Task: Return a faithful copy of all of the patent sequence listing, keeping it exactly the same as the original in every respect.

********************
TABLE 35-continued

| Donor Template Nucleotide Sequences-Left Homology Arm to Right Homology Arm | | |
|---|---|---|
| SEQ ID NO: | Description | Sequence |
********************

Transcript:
TABLE 35-continued

| Donor Template Nucleotide Sequences-Left Homology Arm to Right Homology Arm | | |
|---|---|---|
| SEQ ID NO: | Description | Sequence |